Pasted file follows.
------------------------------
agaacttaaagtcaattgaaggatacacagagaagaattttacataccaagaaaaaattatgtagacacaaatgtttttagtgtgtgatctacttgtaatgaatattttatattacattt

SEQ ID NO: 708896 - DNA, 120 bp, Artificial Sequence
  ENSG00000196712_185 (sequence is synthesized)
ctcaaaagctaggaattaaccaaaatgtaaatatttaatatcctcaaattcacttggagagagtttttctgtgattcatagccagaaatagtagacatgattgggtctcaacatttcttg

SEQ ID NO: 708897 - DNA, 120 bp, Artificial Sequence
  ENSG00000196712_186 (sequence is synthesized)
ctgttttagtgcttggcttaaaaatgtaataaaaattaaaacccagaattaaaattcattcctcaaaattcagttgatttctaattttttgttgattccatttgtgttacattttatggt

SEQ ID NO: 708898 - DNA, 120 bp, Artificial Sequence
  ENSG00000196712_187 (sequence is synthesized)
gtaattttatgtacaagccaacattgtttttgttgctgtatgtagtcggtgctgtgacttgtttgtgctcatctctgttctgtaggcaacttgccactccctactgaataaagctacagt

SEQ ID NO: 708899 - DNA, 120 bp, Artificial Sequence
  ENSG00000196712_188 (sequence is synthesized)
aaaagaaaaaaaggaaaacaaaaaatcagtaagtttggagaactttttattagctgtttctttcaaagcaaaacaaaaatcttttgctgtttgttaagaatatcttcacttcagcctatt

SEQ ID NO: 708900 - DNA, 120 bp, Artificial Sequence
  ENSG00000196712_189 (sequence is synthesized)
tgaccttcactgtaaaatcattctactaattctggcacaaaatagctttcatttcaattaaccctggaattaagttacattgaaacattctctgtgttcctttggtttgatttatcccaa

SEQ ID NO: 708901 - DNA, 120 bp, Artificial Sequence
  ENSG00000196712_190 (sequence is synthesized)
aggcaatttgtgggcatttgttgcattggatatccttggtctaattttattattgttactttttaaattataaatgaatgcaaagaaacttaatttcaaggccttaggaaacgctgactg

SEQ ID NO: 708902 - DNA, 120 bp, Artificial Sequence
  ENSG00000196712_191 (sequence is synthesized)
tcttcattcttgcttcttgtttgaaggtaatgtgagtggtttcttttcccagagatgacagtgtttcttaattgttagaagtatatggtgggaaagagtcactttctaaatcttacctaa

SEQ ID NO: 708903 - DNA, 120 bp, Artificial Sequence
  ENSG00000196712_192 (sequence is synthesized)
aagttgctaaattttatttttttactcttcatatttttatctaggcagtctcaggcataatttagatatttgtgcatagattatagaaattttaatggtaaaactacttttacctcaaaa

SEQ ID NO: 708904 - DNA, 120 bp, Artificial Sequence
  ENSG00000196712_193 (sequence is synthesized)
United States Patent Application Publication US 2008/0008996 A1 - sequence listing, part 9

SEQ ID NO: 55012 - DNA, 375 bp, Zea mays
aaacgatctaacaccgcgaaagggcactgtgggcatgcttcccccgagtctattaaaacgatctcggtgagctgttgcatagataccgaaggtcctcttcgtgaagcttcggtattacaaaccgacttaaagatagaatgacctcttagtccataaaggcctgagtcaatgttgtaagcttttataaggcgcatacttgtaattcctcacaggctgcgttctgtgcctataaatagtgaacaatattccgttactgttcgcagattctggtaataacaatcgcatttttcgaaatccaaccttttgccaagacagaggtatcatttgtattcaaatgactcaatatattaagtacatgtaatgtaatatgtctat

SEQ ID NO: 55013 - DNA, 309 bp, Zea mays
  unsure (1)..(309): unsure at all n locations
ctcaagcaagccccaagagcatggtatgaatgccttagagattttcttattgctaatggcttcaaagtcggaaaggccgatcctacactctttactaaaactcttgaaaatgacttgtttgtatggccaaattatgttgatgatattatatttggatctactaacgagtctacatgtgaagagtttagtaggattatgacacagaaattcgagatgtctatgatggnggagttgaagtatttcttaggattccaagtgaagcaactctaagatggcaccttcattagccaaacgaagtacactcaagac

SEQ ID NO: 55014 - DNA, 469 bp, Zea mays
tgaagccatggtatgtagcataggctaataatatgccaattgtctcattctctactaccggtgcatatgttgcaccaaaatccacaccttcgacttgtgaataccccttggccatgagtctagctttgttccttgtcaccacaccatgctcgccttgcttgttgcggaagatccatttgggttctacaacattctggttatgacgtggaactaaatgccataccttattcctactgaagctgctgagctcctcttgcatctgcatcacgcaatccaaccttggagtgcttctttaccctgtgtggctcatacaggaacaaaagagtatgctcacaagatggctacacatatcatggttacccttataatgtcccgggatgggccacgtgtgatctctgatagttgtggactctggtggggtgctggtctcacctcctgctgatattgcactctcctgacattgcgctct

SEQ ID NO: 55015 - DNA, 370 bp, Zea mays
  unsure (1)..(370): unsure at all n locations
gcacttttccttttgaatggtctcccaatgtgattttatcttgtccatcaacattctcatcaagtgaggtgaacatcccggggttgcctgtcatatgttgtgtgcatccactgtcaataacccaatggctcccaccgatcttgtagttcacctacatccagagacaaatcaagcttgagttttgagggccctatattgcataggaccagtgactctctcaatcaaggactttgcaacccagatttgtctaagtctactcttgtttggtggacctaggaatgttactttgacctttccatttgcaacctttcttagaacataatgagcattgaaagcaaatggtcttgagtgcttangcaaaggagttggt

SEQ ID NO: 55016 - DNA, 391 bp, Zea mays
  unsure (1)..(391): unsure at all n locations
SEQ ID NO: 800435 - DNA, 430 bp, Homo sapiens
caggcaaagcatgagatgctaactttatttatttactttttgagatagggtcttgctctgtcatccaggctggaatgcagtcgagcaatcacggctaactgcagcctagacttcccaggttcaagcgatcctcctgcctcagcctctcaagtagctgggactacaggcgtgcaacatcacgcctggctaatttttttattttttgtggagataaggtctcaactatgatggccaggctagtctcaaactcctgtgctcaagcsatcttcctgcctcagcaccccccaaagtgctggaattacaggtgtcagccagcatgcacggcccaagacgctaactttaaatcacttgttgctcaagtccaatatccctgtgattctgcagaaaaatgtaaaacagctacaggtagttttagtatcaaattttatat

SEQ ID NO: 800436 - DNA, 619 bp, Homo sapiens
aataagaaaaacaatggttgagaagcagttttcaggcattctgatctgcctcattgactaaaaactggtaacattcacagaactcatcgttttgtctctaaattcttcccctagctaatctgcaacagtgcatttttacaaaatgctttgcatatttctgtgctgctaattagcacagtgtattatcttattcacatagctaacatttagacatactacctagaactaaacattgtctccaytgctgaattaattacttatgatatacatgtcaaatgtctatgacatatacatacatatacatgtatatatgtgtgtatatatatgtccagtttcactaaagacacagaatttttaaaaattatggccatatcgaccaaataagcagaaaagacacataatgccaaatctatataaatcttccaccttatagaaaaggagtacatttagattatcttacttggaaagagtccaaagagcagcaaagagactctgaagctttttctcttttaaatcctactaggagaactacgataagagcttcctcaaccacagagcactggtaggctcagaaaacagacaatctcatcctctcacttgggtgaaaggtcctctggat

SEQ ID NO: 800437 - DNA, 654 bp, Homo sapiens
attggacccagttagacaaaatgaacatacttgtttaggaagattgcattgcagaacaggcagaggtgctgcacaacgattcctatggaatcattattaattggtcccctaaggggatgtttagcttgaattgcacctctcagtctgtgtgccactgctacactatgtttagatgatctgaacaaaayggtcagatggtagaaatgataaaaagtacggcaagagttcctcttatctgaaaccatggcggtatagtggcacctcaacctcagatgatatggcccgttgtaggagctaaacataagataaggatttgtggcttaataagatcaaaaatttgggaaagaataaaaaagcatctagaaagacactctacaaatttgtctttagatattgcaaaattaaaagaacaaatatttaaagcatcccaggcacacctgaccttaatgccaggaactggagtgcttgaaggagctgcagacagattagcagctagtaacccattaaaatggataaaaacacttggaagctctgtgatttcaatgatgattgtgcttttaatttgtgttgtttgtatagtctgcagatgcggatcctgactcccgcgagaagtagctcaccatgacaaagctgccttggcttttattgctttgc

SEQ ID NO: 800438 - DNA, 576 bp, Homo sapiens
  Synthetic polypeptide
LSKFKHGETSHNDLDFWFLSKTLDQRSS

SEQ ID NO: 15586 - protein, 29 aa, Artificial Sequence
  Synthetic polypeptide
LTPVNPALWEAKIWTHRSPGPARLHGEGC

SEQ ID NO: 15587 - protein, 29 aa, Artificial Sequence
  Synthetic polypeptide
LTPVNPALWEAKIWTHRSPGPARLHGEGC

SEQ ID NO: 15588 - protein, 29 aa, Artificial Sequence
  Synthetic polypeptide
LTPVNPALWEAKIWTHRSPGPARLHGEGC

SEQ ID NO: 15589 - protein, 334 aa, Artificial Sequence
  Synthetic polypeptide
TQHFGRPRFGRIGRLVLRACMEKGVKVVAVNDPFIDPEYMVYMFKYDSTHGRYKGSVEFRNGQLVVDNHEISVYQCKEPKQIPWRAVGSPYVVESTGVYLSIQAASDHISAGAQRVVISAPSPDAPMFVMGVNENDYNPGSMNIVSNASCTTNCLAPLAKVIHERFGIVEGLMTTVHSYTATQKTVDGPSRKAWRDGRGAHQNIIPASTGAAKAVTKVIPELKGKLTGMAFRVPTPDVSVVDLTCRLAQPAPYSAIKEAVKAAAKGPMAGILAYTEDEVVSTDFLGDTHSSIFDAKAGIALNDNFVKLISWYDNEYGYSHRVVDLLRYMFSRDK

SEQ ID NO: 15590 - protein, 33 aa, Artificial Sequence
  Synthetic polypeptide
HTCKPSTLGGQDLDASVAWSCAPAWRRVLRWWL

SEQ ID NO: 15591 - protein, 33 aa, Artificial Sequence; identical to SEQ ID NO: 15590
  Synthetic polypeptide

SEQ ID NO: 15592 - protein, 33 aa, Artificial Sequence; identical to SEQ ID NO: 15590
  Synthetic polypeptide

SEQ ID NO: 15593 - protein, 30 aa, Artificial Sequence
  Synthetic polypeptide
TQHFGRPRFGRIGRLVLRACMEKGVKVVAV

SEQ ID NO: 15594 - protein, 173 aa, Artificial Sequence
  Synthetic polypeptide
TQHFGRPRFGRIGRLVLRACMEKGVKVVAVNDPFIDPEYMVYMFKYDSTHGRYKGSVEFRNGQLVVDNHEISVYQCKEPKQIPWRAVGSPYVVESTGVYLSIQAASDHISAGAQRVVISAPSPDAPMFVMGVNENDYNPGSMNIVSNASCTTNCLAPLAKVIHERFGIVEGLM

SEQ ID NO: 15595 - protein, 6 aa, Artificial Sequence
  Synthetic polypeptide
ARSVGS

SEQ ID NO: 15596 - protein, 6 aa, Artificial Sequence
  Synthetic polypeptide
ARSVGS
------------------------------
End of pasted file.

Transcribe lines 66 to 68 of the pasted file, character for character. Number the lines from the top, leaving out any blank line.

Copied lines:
  Synthetic polypeptide

SEQ ID NO: 15592 - protein, 33 aa, Artificial Sequence; identical to SEQ ID NO: 15590
  Synthetic polypeptide